January 14, 2014â€“ The Department of Religious Studies at the University of Denver has received approximately $2,000 in funding support from the Public Education for Peacebuilding Support initiative of the United States Institute of Peace (USIP).
Online PR News – 15-January-2014 – Denver, CO – FOR IMMEDIATE RELEASE â€“ January 14, 2014
Contact: Andrea L Stanton (email@example.com)
University of Denver Religious Studies Department Awarded Second United States Institute of Peace Grant to Support Public Education for Peacebuilding
Grant money will bring human rights expert to campus
January 14, 2014â€“ The Department of Religious Studies at the University of Denver has received approximately $2,000 in funding support from the Public Education for Peacebuilding Support initiative of the United States Institute of Peace (USIP). This is the second of two grants awarded by USIP to the Department in 2013, for programming related to religion and peacebuilding. The grant will enable Andrea L Stanton, Undergraduate Adviser and Assistant Professor of Islamic Studies, to bring a recognized expert in the field to Denver for a public talk and class visit on issues of higher education among Syrian displaced and refugee college students.
â€śUSIPâ€™s support offers a great opportunity for the Religious Studies Department,â€ť said Assistant Professor of Religious Studies Andrea L. Stanton. â€śIt allows us to bring Keith Watenpaugh, Associate Professor of Religious Studies and Director of the Human Rights Initiative at the University of California, Davis, to speak with Religious Studies and other University of Denver students about higher education concerns related to the ongoing conflict in Syria, whose increasing sectarian dimensions are well known.â€ť
Keith David Watenpaugh, a historian of the Modern Middle East and Director of the UC Davis Human Rights Initiative, is finishing a year as an American Council of Learned Societies Fellow and about to start his term as President of the Syrian Studies Association. He is author of Being Modern in the Middle East (Princeton, 2006) and Bread From Stones: The Middle East and the Making of Modern Humanitarianism (California, 2014 forthcoming). He is the research director of a Carnegie Corporation-supported Middle East-based initiative to better understand the humanitarian needs of refugee Syrian university students and educators, for which Stanton did advance work in Beirut, Lebanon in January 2014.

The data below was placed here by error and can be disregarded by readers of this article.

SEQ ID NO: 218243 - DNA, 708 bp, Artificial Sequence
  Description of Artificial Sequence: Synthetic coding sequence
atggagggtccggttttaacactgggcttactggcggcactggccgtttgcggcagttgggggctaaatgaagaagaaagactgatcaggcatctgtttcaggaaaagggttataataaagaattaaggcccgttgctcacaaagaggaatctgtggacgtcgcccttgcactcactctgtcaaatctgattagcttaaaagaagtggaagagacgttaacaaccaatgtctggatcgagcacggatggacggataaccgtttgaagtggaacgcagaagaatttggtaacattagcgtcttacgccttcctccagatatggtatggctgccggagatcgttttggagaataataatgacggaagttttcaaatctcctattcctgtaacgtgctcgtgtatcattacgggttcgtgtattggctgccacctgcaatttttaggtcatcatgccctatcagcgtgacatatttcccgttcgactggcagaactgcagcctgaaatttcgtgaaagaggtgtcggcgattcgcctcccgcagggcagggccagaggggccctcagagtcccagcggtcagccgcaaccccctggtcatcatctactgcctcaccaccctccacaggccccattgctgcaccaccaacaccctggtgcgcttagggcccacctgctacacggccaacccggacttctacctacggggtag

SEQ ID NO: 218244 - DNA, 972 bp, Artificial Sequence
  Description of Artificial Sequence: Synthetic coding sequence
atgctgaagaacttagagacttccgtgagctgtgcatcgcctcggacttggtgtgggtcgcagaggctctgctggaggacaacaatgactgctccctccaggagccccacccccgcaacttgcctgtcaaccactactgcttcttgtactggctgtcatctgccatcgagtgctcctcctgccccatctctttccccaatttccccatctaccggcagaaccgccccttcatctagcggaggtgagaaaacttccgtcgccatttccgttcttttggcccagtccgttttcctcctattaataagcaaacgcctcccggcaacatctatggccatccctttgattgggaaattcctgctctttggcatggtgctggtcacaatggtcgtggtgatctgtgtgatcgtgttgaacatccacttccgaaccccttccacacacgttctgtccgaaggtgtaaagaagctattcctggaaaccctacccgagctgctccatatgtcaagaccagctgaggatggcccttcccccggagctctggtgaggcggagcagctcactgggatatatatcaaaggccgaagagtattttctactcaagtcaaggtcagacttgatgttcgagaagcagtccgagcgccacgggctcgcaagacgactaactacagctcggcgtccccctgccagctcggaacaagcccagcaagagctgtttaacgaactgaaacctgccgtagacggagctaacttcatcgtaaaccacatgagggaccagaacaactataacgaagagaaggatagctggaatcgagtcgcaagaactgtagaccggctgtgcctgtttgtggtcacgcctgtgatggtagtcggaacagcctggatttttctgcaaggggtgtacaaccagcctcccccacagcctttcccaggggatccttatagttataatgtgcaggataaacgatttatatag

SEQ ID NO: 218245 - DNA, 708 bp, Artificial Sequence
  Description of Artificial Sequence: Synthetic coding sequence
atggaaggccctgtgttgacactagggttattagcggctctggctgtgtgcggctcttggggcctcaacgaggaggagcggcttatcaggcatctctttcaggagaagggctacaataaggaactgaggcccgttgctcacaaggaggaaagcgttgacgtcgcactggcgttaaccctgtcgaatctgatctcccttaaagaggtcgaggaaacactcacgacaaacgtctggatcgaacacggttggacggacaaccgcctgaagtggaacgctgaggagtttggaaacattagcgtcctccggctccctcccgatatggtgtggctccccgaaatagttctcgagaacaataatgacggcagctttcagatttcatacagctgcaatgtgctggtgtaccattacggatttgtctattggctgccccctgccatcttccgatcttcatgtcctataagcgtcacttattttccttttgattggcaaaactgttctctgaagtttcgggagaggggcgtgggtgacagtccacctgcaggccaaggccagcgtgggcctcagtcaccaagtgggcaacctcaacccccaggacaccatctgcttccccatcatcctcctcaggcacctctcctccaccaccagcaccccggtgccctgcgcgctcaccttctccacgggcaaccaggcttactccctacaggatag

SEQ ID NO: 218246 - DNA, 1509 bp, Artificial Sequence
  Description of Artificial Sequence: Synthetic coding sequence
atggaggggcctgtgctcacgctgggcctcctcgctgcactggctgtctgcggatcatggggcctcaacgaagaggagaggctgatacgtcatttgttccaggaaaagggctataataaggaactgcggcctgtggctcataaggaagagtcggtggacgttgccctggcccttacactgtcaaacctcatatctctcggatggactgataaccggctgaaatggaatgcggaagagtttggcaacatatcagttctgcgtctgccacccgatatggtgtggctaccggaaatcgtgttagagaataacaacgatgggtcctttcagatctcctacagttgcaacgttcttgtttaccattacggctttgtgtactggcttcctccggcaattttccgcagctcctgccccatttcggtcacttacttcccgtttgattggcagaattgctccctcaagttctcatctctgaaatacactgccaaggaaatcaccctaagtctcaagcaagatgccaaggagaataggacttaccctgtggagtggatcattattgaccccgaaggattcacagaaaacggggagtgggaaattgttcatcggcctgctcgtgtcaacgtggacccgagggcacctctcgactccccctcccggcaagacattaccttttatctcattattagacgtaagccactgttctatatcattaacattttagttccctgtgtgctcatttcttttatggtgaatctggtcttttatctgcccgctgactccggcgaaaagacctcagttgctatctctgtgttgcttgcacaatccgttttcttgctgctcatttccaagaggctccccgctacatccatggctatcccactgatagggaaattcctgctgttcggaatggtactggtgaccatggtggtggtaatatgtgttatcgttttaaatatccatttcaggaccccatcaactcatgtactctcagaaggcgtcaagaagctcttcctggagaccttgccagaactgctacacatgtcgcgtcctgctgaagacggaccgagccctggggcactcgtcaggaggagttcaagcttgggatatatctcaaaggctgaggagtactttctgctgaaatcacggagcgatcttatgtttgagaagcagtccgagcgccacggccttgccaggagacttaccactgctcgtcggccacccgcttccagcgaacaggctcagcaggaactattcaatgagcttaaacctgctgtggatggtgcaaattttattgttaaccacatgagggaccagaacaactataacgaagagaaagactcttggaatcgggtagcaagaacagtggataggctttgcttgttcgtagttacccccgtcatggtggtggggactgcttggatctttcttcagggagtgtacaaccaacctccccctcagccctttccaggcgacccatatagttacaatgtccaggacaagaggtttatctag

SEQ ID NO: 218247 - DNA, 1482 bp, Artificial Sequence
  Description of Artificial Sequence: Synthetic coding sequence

Stanton added: â€śBringing together University students and interested community members is a key element of this project. For our students, this initiative offers the opportunity to understand how a religious studies BA or MA might translate into as a profession. For community members, many of whom are involved with local non-profit and conflict resolution organizations, Keithâ€™s talk offers the chance to learn more about the current higher education dimensions of an ongoing, semi-intractable conflict.â€ť Watenpaugh will also make two class visits during his time in Denver, helping students connect the skills and concepts developed in the classroom with their real world applications.
â€śUSIP is pleased to support organizations like the University of Denver and their contribution to the national conversation around international conflict â€“ and methods for resolving those conflicts nonviolently,â€ť commented USIP President Jim Marshall.
The United States Institute of Peace is the independent, nonpartisan conflict management center created by Congress to prevent and mitigate international conflict without resorting to violence. USIP works to save lives, increase the governmentâ€™s ability to deal with conflicts before they escalate, reduce government costs, and enhance national security. USIP is headquartered in Washington, DC with offices in Baghdad, Iraq, and Kabul, Afghanistan.
As part of its congressional mandate, USIP devotes a portion of its budget to support organizations that will advance the field of conflict management by developing new techniques, establishing best practices, and professionalizing the field through education and training. The Public Education for Peacebuilding Support is a program of USIP administered by the Institute of International Education.
The USIP grant will underwrite the cost of bringing expert and scholar Keith Watenpaugh to the University of Denver campus January 26-27, 2014, for a public talk and two classroom visits. The public talk, titled â€śIraq (2003) Syria (2013): War, The University, and Lost Generationsâ€ť, will take place on Monday, January 27 in the Anderson Academic Commons Loft. No registration is necessary to attend the talk, which is free and open to the public. Collectively, these events reflect the goals of the USIP Public Education for Peacebuilding Support program: to advance public understanding of international conflict resolution and peacebuilding.